Mother’s Diet Influences Alcohol Preference in Kids
By now, we are all fully aware of the obesity epidemic and widespread lifestyle diseases that have a death grip on our nation. We are literally getting fatter and sicker with every bite. However, we are only beginning to recognize that the consequences of poor dietary decisions can have a tremendous impact on other facets of our existence. More specifically and of particular importance to our mission here at TwelveWellness, it has been found that a mother’s diet has a tremendous influence on alcohol preference in the lives of children.
Building on studies that illustrate the negative metabolic consequences of shortsighted maternal nutrition (obesity), a new study published by the American Psychological Association goes to great lengths to illustrate that a highly-palatable diet in utero can “sensitize reward-related brain systems” and alter gene expression to promote alcohol intake in offspring.
What are the parameters of a highly palatable diet? That’s simple.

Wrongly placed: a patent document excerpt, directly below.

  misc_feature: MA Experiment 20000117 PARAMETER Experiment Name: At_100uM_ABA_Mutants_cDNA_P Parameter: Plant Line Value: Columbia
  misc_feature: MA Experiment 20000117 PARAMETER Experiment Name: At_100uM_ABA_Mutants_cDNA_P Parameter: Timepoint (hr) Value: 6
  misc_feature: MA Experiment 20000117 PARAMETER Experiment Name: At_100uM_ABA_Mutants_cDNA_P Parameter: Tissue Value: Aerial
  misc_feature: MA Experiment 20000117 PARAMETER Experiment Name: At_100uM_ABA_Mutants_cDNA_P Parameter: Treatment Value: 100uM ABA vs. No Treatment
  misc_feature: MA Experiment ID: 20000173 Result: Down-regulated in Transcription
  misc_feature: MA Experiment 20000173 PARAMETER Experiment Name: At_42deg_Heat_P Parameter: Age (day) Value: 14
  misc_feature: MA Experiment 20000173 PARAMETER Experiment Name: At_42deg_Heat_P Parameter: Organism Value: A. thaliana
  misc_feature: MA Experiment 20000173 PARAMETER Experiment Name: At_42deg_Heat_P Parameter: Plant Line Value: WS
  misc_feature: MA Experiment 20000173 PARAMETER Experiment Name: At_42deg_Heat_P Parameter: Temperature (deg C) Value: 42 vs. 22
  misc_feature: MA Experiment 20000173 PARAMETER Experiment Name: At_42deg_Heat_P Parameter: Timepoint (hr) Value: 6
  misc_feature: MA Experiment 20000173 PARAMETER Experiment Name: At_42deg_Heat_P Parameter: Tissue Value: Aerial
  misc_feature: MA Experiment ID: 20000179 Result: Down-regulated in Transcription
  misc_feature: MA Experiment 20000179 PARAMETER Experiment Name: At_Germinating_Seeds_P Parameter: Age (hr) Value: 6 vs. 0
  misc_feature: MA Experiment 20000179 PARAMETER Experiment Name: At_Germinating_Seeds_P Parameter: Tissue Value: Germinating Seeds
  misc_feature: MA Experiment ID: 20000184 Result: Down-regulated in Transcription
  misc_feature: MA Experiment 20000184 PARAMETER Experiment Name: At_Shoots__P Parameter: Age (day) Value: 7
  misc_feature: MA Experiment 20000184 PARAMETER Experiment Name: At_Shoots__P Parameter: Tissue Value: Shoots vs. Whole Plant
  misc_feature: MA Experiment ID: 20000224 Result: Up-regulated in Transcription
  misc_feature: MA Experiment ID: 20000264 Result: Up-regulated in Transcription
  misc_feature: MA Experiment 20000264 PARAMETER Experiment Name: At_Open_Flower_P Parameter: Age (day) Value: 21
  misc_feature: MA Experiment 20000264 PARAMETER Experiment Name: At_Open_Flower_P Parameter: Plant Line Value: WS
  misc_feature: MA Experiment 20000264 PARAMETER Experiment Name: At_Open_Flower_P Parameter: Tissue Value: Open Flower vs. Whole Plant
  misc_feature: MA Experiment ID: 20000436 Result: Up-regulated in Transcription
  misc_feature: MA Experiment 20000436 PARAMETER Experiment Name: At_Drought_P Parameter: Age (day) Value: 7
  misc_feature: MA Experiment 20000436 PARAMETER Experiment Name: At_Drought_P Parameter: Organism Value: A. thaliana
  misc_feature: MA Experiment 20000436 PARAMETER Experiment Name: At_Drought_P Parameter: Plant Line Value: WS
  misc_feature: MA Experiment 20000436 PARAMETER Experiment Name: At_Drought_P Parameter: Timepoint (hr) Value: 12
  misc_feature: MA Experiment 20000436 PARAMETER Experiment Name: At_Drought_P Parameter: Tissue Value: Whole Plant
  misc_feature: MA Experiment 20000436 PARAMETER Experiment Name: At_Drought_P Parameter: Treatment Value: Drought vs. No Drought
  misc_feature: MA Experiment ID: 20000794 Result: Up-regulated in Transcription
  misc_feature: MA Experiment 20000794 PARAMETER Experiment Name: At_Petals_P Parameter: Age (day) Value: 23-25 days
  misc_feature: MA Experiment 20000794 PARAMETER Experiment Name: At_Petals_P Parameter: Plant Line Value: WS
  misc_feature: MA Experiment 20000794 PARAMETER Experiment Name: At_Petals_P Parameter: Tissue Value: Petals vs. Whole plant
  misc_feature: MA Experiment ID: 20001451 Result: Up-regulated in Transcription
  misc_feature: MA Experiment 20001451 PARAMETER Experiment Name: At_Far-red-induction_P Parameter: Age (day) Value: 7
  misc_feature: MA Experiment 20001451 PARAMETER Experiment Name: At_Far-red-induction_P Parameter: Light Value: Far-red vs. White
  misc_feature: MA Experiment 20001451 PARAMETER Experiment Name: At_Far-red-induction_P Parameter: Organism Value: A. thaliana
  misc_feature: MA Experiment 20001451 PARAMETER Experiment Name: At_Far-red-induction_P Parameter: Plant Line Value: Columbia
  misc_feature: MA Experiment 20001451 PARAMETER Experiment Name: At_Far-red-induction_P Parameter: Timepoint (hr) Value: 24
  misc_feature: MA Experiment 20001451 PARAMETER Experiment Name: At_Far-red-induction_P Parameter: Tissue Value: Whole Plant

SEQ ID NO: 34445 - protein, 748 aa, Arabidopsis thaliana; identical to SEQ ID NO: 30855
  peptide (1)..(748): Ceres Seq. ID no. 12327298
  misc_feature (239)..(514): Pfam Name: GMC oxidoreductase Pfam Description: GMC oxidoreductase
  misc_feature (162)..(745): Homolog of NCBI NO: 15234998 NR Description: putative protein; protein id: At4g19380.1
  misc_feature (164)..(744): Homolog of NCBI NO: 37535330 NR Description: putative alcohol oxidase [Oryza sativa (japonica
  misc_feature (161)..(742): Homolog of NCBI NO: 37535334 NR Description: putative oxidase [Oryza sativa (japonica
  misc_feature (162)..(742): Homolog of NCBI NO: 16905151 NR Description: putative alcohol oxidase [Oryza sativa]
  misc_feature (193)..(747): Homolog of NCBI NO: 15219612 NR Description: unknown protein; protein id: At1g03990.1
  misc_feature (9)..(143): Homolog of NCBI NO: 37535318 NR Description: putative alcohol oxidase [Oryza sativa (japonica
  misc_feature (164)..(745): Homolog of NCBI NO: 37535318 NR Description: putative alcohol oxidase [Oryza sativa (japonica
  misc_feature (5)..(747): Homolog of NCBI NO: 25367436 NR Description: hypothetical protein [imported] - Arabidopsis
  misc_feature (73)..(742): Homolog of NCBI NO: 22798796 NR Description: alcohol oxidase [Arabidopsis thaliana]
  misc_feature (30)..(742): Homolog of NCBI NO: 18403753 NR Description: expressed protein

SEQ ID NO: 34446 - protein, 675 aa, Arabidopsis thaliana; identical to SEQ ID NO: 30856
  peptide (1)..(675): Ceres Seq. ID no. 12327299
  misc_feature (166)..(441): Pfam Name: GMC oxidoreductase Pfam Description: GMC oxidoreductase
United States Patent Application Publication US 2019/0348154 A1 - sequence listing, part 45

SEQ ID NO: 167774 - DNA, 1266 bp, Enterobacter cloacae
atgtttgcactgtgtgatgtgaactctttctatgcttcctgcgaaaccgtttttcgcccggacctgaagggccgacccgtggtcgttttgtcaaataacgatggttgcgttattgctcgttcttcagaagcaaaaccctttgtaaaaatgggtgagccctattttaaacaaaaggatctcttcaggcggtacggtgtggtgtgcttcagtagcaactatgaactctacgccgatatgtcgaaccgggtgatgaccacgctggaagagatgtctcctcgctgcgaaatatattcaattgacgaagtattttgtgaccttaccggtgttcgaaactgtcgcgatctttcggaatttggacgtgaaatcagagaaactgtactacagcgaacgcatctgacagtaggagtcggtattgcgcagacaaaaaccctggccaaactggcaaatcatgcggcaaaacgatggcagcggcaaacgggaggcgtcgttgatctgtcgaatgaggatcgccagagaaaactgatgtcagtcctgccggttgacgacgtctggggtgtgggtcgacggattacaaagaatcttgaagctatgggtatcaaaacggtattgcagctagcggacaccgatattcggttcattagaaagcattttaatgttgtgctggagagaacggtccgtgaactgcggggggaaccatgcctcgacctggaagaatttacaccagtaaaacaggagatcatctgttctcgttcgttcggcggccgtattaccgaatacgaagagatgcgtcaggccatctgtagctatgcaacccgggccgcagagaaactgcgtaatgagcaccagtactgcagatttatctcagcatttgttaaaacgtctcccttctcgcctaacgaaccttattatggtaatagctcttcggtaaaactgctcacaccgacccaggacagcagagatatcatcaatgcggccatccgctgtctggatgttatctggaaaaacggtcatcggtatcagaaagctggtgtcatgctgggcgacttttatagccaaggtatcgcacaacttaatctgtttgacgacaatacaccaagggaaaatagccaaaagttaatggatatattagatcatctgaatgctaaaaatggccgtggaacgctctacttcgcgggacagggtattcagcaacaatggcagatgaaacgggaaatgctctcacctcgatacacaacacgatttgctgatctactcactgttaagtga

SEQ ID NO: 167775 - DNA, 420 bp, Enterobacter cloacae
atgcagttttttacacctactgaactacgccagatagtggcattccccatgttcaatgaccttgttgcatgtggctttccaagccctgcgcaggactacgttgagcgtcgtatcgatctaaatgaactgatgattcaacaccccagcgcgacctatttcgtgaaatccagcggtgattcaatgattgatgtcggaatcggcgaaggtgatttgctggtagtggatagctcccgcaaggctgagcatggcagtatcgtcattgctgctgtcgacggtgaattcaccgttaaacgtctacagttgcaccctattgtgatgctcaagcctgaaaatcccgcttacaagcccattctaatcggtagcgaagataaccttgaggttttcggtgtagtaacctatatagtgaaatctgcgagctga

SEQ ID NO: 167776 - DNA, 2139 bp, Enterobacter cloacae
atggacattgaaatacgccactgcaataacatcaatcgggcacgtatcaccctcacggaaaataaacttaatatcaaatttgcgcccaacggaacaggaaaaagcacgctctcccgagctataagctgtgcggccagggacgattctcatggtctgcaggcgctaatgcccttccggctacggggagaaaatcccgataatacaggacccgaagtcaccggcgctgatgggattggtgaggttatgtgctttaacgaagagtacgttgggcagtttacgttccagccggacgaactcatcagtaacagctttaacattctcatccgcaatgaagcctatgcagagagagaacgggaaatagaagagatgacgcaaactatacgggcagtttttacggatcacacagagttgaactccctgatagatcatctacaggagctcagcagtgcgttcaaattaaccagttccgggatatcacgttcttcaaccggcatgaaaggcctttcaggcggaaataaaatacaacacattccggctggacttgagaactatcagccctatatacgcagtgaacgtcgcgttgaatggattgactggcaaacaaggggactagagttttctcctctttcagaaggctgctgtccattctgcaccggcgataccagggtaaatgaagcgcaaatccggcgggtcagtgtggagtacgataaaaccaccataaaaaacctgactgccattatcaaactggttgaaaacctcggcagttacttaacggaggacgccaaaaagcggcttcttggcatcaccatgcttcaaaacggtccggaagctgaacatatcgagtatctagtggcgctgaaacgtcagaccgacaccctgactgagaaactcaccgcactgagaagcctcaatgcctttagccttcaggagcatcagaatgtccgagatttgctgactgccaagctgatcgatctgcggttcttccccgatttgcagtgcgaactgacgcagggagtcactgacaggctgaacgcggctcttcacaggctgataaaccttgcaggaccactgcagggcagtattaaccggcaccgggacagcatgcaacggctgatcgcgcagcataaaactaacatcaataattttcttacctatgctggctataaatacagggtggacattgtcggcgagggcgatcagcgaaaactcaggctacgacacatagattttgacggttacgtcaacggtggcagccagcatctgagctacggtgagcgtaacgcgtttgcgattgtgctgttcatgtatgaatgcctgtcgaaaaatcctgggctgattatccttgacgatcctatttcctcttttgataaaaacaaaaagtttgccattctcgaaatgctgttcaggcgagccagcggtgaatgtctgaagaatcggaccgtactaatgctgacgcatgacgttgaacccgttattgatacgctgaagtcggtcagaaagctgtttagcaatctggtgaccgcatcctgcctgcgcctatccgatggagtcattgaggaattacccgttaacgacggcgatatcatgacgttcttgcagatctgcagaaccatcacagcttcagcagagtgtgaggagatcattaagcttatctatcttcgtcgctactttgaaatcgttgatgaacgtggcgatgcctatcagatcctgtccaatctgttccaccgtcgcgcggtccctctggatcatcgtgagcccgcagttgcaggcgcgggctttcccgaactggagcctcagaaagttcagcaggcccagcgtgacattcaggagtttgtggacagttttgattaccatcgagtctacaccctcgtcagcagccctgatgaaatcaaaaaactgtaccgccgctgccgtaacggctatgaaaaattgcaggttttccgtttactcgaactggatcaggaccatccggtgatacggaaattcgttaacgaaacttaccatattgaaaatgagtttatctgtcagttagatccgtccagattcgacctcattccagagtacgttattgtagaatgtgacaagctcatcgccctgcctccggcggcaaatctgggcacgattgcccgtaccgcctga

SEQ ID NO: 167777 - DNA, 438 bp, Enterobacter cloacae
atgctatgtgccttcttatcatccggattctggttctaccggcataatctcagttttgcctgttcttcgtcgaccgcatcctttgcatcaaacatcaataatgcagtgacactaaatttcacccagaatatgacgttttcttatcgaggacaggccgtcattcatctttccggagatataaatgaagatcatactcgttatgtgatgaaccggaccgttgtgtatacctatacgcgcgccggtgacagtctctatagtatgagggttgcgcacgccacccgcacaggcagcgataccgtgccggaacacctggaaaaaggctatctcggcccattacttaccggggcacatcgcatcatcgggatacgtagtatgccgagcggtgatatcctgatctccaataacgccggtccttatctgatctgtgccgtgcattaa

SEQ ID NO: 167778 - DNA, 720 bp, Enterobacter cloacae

Prenatal and pre-weaning high-fat and -sugar diets alter reward-related gene expression in children, essentially predisposing them to food, drug and alcohol seeking behavior later in life.
More specifically, a prenatal diet consisting of approximately 50% fat and 25% of both carbohydrates and protein generates a statistically significant preference for alcohol in children when compared to a diet that consists of 50% carbohydrates and 25% of both fat and protein. Also, the mindless consumption of sucrose or high-fructose corn syrup during fetal development can produce offspring with more addiction-like behaviors.
Applying this information in real life is inherently complicated, but suffice it to say that eating more highly palatable, fat- and sugar-heavy foods hits children with both a predisposition for obesity and heightened response to drugs of abuse. Unfortunately, the epigenetic cards are stacked against us as the majority of women of child-bearing age are already overweight, mostly due to over eating, with an established preference for highly-palatable foods.
According to Nicole Avena, PhD and research neuroscientist with the University of Florida’s McKnight Brain Institute, “our findings suggest that even while still in the womb, exposure to high-fat and sugar-rich diets can…lead to a predisposition to drink alcohol and a sensitivity to drugs.”
Image courtesy of DrugFreeHomes.org